By John R. Ingrisano, CLU © 2016

Okay, I’m old school so old school that, when I started in this business, there were only two choices: term or whole life.  That was it.  Period.  (Oh, and just for the record, I worked with dozens of companies to introduce many of the new products that came along, including universal life, variable life, variable universal life, etc.)

Back in the dark ages (actually, it was only the late 1970s), the philosophy was that whole life was the best choice possible.  “Only offer term for short-term needs or if the client cannot afford a permanent life insurance product.”  The only professed advantage of term life was that it was cheap … at first.

Eventually, it became fashionable to push term under the trend to “buy term and invest the rest,” freeing up more dollars for equity products.  It wasn’t a totally bad idea as long as (1) those investments kept on going through the roof and (2) the insured never got older.  Neither of those assumptions was realistic or worked out as hoped.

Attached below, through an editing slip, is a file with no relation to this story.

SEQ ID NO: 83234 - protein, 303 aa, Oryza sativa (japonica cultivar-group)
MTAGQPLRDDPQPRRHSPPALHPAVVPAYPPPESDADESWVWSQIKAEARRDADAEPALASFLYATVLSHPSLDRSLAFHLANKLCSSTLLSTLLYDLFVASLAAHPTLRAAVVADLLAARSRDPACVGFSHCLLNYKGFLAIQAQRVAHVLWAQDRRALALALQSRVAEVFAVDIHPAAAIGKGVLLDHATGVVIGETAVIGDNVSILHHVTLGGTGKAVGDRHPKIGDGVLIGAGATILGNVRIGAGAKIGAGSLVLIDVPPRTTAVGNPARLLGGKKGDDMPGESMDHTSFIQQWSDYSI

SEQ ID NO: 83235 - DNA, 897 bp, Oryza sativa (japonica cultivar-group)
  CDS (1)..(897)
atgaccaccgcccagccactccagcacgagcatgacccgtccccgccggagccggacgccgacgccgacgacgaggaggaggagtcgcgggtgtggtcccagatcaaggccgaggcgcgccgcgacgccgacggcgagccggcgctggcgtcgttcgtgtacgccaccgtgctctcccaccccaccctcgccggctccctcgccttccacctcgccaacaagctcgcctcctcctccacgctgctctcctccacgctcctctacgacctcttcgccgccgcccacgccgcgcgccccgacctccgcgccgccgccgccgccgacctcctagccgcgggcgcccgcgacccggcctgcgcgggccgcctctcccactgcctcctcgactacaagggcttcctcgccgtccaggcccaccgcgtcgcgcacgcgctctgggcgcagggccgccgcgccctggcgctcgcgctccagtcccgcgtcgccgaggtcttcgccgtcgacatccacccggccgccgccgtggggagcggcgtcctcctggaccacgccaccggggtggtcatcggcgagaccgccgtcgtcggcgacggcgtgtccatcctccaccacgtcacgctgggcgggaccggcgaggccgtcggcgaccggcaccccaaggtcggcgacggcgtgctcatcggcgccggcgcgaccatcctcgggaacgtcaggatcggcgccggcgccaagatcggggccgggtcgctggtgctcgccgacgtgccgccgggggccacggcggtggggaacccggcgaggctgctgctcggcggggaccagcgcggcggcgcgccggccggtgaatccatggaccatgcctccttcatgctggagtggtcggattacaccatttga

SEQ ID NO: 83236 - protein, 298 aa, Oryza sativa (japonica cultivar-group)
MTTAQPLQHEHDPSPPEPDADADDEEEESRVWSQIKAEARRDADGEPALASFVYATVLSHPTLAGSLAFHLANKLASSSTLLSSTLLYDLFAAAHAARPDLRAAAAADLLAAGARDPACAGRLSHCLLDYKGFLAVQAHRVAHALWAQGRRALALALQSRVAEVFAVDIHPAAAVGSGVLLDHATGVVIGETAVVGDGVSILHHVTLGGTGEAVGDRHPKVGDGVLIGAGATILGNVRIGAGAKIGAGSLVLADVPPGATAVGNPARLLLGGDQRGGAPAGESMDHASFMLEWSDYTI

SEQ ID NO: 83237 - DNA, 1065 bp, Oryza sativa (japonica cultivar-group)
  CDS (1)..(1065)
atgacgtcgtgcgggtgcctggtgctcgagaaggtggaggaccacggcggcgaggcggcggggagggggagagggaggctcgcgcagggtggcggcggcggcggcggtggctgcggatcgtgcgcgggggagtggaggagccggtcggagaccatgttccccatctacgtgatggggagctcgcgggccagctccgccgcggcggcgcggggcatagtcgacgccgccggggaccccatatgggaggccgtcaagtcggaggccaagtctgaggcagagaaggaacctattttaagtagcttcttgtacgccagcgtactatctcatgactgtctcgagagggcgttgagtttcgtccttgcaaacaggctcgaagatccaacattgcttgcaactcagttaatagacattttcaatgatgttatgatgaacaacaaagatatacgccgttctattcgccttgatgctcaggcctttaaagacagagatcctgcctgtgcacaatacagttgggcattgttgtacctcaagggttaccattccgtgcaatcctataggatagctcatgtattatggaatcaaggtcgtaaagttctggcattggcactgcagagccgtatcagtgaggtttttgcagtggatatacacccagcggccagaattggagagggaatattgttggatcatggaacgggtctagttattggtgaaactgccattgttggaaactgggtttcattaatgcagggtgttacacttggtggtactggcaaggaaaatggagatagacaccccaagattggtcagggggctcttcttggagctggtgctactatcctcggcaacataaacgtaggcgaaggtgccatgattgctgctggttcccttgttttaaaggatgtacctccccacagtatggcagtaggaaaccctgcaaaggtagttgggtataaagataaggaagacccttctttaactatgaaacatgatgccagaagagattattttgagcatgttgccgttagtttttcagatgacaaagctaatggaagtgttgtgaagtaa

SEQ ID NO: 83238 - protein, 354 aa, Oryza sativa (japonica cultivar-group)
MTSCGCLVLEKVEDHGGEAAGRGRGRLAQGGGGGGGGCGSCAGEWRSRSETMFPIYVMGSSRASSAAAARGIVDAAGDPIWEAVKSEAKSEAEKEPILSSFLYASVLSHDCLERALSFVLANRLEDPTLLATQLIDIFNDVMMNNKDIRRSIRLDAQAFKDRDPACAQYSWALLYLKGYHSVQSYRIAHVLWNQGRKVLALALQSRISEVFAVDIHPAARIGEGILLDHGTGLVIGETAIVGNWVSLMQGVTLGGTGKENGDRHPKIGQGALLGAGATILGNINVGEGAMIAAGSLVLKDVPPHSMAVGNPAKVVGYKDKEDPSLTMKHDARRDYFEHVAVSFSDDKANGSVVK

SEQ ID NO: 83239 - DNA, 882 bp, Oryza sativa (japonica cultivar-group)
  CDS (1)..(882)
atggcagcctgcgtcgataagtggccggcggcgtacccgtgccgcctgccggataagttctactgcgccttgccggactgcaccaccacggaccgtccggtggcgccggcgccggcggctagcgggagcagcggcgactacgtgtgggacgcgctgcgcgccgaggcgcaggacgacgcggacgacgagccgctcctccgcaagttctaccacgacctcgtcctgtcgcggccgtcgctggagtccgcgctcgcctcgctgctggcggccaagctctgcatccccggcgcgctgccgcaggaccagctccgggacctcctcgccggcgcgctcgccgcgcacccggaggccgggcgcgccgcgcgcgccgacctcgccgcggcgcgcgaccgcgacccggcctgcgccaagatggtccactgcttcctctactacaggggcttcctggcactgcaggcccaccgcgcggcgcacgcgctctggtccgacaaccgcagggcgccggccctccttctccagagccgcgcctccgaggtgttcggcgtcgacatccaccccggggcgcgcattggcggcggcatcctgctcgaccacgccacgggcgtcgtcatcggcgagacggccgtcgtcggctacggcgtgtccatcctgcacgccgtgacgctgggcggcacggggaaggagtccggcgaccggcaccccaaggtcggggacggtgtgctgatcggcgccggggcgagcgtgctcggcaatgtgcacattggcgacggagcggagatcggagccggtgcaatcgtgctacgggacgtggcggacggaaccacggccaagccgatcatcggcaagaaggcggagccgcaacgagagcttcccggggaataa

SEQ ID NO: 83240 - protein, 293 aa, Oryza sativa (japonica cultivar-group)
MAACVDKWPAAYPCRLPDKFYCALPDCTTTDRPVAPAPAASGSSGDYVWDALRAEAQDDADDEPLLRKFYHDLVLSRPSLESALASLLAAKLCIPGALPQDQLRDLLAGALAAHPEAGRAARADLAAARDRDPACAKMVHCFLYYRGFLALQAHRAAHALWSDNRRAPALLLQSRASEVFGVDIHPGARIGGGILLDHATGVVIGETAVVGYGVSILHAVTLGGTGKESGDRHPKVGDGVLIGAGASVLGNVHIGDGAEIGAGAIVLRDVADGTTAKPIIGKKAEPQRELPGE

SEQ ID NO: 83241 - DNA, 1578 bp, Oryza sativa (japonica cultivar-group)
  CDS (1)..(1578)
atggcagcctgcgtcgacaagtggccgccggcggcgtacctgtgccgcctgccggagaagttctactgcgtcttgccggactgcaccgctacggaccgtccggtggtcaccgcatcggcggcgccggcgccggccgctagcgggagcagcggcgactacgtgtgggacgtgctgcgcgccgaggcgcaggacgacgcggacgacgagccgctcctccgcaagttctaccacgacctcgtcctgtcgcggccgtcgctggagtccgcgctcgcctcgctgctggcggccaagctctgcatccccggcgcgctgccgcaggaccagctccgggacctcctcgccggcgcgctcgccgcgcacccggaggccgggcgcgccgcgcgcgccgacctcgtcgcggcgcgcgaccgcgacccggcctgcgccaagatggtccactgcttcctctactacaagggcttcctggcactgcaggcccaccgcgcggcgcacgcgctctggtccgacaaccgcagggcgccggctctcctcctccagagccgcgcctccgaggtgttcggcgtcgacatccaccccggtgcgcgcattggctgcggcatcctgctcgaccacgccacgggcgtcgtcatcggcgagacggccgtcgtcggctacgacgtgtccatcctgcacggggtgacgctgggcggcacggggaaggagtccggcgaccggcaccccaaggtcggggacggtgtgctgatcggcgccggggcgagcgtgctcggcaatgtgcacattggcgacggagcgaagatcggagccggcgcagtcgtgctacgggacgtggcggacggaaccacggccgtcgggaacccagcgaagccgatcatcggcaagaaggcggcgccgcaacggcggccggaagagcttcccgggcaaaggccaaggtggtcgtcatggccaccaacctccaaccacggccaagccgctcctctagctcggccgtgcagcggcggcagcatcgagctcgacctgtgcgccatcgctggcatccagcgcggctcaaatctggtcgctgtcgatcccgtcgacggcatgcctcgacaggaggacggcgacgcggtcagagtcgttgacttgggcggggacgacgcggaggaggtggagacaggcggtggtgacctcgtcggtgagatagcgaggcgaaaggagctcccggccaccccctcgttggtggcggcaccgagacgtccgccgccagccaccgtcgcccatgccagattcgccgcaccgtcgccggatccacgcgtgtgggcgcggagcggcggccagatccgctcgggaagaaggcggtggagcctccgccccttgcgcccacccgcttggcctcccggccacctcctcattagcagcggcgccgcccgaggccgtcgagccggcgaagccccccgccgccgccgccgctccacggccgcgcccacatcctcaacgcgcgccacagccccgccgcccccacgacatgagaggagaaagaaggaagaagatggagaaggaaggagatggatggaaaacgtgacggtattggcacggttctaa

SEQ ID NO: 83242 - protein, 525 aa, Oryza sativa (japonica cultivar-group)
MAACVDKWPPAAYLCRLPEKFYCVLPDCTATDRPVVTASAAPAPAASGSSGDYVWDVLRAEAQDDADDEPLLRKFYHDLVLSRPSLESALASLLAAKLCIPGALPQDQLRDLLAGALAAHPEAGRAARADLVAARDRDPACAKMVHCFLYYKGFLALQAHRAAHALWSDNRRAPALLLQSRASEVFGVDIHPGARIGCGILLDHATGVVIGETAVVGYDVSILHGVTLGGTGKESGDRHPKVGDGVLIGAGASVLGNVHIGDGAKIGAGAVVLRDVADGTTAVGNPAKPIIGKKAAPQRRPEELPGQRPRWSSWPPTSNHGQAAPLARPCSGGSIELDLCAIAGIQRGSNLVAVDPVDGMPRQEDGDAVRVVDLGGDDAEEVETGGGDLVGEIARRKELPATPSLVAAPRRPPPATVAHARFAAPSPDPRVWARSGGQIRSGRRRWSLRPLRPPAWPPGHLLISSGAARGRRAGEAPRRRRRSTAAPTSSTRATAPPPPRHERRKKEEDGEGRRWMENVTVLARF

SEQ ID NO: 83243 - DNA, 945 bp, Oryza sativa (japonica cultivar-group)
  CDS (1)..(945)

Fast forward 40 years.  That six-figure term policy that was downright cheap back then now keeps getting more and more expensive each year.  Most were dropped right at the age when the insured is most likely to need it.  Meanwhile, those investments have bounced around like a loop-d-loop ride at a fun park.  

A better idea (and one well suited for 2016):  If your clients purchase a permanent life insurance policy, one with cash value growth potential, that policy likely will not go up in premium cost in the future.  Plus, there will likely be cash value for emergencies, college funds, or even retirement  income.  Imagine that.

The bottom line:  Sure there are times when term is appropriate.  However, help your clients look ahead to the next four or five decades.  There will be plenty of times when the best choice is still good old fashioned whole life or a variation thereof.

Good luck and good selling. 

* * *

John Ingrisano is a former insurance agent, business journalist, sales trainer and “marketeer” who has developed sales programs, newsletters and marketing campaigns for dozens of major insurance and financial services companies over the last 35 years.  He is also a public speaker and author of several books, including “The Back to Basics Book of Selling:  A Guide to a Successful Sales Career” and “The Back to Basics Book of Money: A Couple’s Guide to Financial Peace.”   John can be contacted by email at This email address is being protected from spambots. You need JavaScript enabled to view it..  

Copyright © 2016 John R. Ingrisano